TORONTO - The actor who played the swashbuckling hero of "The Princess Bride" nearly three decades ago returned to the role on a Toronto stage Saturday night, drawing roars of approval from a capacity crowd.
Cary Elwes, who starred as Westley in the family favourite, was among one of many surprises at the live read of the film pulled together by Montreal-born director Jason Reitman at the Toronto International Film Festival.
"This is kind of like hearing one of your favourite songs live for the first time," Reitman told the crowd minutes before Elwes walked on stage. "In the role of Westley, originated by Cary Elwes, Cary Elwes."
The event — which involved celebrities reading out the movie's screenplay in its entirety — was a homecoming of sorts for the film, which won the People's Choice Award when it premiered at TIFF in 1987.
Elwes settled into his original role with a broad smile and even had to pause minutes into the live read after delivering his character's famous phrase "as you wish" while the audience erupted into laughter and applause.
Also drawing cheers was the appearance of the film's director, Rob Reiner, to play the role of the grandfather who narrates much of the adventure-comedy to his grandson.
The rest of the star-studded cast included London, Ont.-bred Rachel McAdams as Princess Buttercup, originally performed by Robin Wright; former NHL enforcer Georges Laraque in the role of Fezzik, made famous by wrestler Andre the Giant, Patrick Stewart in the role of the villainous Prince Humperdinck, former "Community" star Donald Glover as kidnapper Vizzini, and Chris O'Dowd as the evil Count Tyrone Rugen.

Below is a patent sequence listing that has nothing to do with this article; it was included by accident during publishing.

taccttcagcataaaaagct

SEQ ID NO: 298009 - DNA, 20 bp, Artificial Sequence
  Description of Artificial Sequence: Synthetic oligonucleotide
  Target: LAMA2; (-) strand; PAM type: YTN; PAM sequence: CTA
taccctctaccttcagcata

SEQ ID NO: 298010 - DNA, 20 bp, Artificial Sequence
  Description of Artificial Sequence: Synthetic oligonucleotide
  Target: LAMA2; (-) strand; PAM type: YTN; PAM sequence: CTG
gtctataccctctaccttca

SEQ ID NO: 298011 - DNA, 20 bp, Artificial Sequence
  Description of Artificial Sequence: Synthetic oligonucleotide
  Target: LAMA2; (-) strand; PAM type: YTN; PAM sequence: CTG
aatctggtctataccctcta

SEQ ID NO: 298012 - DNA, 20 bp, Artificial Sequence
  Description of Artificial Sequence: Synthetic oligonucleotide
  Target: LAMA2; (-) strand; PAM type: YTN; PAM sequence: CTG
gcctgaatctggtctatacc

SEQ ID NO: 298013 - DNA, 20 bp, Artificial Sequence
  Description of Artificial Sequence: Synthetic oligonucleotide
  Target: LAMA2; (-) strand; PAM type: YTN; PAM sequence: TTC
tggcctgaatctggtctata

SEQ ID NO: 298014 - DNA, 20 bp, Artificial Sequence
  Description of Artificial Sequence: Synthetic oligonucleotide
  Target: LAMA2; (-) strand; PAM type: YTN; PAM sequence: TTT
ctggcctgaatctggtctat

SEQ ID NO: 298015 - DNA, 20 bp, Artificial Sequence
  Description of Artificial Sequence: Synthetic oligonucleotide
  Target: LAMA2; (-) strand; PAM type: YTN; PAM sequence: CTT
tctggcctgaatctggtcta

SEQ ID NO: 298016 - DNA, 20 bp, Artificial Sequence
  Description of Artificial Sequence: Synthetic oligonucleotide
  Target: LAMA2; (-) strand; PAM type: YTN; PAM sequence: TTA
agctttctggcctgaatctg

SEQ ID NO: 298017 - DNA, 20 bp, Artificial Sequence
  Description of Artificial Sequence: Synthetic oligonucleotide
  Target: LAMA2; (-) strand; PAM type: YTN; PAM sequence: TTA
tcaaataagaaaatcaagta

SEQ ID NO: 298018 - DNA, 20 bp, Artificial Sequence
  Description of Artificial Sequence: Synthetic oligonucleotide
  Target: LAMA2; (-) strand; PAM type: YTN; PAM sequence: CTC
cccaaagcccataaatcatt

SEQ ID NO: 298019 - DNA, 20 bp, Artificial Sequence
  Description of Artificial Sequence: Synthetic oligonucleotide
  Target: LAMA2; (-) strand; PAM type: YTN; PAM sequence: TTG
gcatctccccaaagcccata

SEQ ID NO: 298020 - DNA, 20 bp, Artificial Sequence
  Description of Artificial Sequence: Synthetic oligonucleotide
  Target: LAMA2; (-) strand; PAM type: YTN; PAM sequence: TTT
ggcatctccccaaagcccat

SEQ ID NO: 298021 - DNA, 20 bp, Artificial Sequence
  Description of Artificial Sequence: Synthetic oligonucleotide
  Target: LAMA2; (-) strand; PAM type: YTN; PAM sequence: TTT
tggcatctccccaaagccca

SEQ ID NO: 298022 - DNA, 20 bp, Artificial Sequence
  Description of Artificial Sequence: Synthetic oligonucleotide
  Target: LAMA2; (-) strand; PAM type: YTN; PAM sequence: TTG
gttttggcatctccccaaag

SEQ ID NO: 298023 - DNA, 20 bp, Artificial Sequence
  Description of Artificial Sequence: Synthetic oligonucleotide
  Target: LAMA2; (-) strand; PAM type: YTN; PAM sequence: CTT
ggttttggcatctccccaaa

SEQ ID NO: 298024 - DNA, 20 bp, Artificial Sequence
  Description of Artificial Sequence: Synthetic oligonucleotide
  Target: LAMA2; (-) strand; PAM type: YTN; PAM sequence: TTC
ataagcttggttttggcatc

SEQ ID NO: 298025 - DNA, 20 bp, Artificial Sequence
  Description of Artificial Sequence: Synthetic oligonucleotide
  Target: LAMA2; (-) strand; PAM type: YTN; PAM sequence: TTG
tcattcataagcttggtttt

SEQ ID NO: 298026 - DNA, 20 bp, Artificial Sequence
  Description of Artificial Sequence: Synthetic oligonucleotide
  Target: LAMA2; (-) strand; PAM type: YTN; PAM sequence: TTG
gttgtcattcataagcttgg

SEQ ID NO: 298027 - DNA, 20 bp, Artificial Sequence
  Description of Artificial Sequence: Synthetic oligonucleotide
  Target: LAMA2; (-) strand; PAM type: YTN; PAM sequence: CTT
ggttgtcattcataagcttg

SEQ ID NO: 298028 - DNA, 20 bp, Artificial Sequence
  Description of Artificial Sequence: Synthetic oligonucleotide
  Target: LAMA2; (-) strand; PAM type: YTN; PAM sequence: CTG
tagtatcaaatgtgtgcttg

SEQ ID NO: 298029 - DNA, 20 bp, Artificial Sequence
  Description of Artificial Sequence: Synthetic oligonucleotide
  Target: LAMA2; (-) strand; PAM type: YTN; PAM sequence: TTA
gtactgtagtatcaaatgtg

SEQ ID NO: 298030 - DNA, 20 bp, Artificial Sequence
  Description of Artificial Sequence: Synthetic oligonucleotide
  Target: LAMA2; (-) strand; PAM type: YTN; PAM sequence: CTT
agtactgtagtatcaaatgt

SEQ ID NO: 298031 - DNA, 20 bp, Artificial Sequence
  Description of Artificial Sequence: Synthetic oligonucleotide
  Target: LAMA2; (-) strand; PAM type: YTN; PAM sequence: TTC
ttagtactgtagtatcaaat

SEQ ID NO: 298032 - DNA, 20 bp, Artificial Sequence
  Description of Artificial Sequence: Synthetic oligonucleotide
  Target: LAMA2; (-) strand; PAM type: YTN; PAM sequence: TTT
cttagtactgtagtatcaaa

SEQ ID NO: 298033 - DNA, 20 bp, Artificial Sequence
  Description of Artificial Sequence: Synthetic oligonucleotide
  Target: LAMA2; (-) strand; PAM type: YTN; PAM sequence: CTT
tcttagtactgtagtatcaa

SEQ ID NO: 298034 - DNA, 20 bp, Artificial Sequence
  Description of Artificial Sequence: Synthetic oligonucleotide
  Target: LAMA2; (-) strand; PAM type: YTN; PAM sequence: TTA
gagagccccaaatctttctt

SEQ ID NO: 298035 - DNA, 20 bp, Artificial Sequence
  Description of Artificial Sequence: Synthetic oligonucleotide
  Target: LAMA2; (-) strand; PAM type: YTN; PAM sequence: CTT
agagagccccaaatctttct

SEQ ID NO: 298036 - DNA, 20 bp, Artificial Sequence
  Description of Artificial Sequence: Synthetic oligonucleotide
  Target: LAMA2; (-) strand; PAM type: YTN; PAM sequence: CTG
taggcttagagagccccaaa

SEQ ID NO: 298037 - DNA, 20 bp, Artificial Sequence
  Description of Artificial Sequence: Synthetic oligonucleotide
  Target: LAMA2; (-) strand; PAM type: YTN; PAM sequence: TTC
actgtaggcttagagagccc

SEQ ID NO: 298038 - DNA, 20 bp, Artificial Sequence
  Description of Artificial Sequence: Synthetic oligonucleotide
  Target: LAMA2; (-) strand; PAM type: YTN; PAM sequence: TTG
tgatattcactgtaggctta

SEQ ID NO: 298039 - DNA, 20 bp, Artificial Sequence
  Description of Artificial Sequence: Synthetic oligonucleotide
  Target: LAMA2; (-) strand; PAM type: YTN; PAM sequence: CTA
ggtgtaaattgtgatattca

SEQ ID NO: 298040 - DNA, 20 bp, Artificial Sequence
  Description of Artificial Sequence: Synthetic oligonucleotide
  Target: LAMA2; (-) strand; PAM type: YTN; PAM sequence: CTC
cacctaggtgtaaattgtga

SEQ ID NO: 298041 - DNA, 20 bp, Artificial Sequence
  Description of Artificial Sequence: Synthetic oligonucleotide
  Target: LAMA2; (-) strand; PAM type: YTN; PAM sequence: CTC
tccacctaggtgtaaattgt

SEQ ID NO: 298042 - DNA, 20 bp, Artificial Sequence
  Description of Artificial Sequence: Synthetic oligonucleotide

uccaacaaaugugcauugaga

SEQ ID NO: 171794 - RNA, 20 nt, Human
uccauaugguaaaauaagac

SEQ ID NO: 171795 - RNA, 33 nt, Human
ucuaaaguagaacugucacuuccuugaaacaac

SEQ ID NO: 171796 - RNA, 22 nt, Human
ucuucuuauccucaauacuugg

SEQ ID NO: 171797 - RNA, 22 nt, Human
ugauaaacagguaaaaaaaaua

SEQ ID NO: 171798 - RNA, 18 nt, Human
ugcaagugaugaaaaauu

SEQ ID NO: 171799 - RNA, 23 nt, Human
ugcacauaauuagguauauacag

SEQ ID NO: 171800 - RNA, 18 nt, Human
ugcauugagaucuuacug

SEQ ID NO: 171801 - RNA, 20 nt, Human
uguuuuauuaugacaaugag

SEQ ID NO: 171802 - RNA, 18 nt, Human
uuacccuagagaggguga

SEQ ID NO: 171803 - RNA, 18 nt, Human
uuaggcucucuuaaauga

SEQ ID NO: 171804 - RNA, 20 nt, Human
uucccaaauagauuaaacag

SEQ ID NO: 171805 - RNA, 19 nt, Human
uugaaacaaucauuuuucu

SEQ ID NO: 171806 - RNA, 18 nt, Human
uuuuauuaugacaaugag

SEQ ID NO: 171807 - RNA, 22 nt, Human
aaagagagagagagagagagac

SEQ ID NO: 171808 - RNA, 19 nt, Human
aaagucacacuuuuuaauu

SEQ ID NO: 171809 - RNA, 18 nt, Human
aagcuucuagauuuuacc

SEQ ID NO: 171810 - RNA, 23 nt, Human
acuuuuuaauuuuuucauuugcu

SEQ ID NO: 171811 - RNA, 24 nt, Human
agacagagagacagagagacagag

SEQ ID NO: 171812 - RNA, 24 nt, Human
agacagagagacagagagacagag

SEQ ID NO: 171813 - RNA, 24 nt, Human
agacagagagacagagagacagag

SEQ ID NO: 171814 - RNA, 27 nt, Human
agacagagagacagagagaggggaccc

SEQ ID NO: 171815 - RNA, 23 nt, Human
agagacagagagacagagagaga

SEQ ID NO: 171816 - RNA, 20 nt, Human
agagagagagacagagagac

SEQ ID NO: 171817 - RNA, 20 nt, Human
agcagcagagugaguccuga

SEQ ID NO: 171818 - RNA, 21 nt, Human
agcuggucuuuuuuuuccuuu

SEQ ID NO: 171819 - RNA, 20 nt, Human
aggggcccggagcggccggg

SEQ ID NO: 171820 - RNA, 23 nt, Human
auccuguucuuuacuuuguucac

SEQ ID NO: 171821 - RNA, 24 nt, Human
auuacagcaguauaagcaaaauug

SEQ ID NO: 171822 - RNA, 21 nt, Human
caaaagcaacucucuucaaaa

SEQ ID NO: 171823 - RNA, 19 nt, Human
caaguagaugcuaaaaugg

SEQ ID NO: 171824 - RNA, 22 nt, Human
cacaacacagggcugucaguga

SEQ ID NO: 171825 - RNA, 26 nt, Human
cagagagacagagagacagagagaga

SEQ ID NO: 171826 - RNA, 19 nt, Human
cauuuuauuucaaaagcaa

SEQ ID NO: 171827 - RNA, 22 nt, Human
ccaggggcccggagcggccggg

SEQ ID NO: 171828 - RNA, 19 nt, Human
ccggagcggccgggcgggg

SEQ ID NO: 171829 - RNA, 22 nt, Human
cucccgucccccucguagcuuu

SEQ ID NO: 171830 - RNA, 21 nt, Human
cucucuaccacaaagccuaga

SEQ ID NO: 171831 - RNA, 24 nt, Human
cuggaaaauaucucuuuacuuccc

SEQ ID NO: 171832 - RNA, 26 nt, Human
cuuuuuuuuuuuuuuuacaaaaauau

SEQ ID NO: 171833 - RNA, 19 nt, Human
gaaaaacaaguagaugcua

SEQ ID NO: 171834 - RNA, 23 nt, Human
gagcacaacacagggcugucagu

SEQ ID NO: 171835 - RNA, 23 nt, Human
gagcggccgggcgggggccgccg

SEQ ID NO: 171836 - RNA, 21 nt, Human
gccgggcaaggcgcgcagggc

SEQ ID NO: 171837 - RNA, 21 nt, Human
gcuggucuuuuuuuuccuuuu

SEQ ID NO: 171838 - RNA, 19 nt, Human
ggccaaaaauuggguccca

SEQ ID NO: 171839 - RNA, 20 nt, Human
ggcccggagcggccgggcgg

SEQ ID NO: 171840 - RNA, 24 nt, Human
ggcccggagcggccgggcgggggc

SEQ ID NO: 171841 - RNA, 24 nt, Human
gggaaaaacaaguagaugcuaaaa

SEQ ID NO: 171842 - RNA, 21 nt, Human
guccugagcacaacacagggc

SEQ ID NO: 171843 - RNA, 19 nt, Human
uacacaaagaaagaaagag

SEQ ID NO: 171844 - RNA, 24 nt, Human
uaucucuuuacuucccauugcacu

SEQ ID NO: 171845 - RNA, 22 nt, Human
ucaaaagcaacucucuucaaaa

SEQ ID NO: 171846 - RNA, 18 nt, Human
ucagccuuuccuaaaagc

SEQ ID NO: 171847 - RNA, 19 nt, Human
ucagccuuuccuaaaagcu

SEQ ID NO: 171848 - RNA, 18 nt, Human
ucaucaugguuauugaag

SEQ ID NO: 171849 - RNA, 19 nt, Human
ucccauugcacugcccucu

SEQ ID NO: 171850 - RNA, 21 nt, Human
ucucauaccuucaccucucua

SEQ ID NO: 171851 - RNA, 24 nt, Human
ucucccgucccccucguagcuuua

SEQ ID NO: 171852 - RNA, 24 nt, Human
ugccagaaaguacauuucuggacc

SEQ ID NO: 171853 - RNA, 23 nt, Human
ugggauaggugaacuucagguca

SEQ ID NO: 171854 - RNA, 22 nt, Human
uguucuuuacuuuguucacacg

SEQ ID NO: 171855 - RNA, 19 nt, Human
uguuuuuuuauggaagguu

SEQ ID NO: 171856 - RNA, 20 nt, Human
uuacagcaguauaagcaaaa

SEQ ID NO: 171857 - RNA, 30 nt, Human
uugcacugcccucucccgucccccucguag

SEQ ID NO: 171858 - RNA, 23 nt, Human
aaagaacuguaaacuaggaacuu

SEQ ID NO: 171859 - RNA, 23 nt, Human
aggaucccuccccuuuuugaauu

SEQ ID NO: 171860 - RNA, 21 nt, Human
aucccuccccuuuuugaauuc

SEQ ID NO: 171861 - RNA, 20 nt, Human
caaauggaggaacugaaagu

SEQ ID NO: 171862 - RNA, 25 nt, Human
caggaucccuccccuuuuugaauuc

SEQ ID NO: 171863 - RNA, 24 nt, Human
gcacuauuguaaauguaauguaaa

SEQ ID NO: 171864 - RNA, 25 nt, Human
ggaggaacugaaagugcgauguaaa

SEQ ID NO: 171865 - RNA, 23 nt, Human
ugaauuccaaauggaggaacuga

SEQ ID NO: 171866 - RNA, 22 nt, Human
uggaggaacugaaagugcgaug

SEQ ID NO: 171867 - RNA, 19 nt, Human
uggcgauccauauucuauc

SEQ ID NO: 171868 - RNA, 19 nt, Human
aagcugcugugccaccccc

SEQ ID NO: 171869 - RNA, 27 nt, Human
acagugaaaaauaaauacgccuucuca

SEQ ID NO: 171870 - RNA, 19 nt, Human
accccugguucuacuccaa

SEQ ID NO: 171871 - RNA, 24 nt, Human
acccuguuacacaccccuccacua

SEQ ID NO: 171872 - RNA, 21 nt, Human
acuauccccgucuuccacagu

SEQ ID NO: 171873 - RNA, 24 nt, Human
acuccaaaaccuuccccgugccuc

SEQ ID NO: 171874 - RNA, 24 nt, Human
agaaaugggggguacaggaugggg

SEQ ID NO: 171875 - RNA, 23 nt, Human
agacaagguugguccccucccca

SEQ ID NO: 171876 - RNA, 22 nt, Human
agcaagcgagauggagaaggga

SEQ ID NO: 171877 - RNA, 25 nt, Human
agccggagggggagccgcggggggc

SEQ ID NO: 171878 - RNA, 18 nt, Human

Mexican star Gael Garcia Bernal took on the role of the revenge-bent Inigo Montoya only about halfway through the performance due to a delayed flight, but Reitman's sister, Catherine Reitman, ably stepped in to fill his spot until he arrived, drawing laugh after laugh from the crowd with her exaggerated Spanish accent.
Both Reitman and Bernal appeared to revel in their delivery of their character's most iconic line: "Hello. My name is Inigo Montoya. You killed my father. Prepare to die."
Before the start of the live read — which saw the cast sitting in a row on stage to read out their parts as stills from the film flashed on a large screen behind them — Jason Reitman explained the process to his audience.
"Most of this cast has never met before so we're going to find it on stage," he said. "What's kind of fun about these is for the first five to ten minutes we're going to be feeling each other out, we're going to find it and then hopefully we'll hit a groove and we will come to life."
The cast quickly hit their stride, but the event also had its humorous fumbles, miscues, the occasional unscripted quip and moments of on-stage antics.
Elwes, for instance, whipped out his cellphone at one point to take a photo of Stewart delivering a particularly emphatic line, throwing the veteran actor off course for an instant.
O'Dowd was also seen placing a hand on Stewart's knee in mock sympathy when Stewart's character was described uncharitably at one point.
Reitman, who directed the live read, describing scenes and providing context for the audience, also appeared to drop in some of his own commentary and had to lean away from his microphone as he burst into laughter several times during the event.
"This is one of my favourite films," he said earlier in the night. "Tonight is for the people in this room."